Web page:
``But he also talked about keeping our grades up and taking good classes so we can get into a good college.''
Former Mackenzie coach Bob Dozier first saw Bettis midway through his freshman year after he transferred from Detroit Henry Ford. Mackenzie was his neighborhood school.
``I was at my desk one day, and I was doing something urgent,'' Dozier said. ``I heard someone say: `Sir, my name is Jerome Bettis, and I'd like to know if I can play for you.' I turned around and saw him. He was 5-11, 190 pounds, and I said: `Hell, yes, you can play for me.' ''
In his first season at Mackenzie, Bettis played defensive line and rarely carried the ball.
``Their sophomore year, I put the guys down as defensive linemen to make them tough,'' Dozier said. ``I did the same thing with Pepper Johnson and Kevin Brooks,'' who both played in the NFL.
As a junior, Bettis moved to linebacker and late in the season faced Ann Arbor Pioneer.
``At halftime, Pioneer coach Chuck Lori pulled me aside and said: `Dozier, you're going to go to jail up here,' '' Dozier recalled. ``He said: `If you don't get that Jerome Bettis out of there, he's going to kill somebody, and you're going to jail.' ''
Jail was a destination for some youngsters in Bettis' neighborhood. Some of them were his friends, who turned to drugs when he turned to athletics.
``I see a lot of drugs right around the corner, right down the street,'' Bettis said in 1989. ``You have to learn to say no to your friends. When we were younger, we'd run together and throw eggs and stuff like that. But when you get older the game is different.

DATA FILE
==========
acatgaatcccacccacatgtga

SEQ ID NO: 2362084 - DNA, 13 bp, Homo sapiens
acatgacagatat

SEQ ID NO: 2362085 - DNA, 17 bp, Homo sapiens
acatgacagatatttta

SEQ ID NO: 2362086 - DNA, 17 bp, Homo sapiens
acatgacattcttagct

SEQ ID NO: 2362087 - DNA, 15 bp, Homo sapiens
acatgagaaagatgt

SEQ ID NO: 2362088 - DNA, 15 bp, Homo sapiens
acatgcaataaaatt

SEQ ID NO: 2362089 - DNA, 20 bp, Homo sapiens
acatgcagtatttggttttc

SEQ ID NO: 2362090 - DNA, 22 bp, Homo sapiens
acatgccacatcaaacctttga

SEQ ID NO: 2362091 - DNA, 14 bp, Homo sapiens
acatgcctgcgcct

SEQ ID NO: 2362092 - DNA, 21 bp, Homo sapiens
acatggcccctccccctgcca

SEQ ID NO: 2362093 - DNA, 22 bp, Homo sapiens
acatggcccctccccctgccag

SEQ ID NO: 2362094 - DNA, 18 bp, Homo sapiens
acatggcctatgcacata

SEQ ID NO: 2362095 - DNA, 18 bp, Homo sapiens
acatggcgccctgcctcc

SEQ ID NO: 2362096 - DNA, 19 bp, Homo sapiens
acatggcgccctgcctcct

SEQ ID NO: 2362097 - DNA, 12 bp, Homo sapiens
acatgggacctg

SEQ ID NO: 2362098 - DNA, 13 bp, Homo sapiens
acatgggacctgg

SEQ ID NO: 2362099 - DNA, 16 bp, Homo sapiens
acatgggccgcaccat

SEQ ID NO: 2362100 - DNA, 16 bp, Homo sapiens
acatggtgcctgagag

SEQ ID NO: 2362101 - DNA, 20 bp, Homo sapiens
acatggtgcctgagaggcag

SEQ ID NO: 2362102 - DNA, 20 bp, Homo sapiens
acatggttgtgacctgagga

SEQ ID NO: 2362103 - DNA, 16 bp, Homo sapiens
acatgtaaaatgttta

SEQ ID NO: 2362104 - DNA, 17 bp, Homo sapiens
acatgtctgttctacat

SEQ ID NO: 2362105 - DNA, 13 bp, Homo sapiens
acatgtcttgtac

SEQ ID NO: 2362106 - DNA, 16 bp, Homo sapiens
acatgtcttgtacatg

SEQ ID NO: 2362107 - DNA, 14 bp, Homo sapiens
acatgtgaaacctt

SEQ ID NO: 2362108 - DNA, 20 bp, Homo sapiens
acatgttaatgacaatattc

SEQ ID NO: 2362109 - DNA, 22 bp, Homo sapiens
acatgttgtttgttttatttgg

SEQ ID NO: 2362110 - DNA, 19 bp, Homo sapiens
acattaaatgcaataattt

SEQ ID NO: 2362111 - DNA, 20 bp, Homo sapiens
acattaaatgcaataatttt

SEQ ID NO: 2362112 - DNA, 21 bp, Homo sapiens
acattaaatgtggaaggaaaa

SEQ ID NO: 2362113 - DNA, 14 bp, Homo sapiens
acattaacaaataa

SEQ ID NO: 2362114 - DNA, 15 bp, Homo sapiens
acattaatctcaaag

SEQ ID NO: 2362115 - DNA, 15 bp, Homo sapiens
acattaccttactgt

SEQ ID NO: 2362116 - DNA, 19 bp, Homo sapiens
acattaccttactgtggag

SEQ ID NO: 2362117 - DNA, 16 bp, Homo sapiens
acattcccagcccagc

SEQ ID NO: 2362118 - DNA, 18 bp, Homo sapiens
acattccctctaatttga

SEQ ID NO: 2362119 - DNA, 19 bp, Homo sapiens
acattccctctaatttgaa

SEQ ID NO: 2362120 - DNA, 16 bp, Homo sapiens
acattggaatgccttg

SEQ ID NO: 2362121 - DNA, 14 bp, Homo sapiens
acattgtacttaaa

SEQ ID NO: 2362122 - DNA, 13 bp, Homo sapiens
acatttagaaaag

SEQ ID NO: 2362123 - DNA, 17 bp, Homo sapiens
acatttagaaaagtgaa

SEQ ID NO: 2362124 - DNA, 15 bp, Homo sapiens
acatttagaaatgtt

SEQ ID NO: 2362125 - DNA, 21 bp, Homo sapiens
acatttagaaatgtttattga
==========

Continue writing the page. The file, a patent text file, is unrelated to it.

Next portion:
``Guys say: `Let's go sell some crack.' Your morals start to set in now. A lot of them aren't into that. I mean, you can make $2,000 a day selling crack.... That's a lot of money, but in the long run I'm going to be better off than them. Crack starts corrupting you. By selling crack, you start losing your self-esteem. I think too highly of myself to sell crack.''
Pat Jenkins, Bettis' physics teacher, said his parents did an excellent job keeping him on the right path.
Bettis' path on the football field went mostly straight ahead. As a senior, he rushed 123 times for 1,325 yards and 14 touchdowns. On defense, he made 157 tackles and batted down nine passes. Dozier touted him as a bona-fide star, a description he typically reserved for the city's top athletes.
Some schools, like Ohio State, planned to play Bettis at linebacker if they could sign him.
Dozier knew better.
``I'd play that sucker on offense,'' he said then. ``His eyes light up when you call his number. He runs with a viciousness.''
He hasn't stopped. In the NFL, Bettis has rushed for 13,662 yards, fifth-most in league history. This is his 13th -- and possibly last -- professional season.
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Old 01-25-2006, 01:46 PM   #2
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Default Re: Really Nice Article on Jerome Bettis

good read
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Old 01-25-2006, 01:54 PM   #3
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Default Re: Really Nice Article on Jerome Bettis

All class! There is a reason why every player wants to win XL for him, and he did'nt even hold out his entire rookie season (Elway)! This one's for John....No my friend this one is for JEROME!!!
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Old 01-25-2006, 03:52 PM   #4
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Default Re: Really Nice Article on Jerome Bettis

Nice read, Go Steelers Go Bus!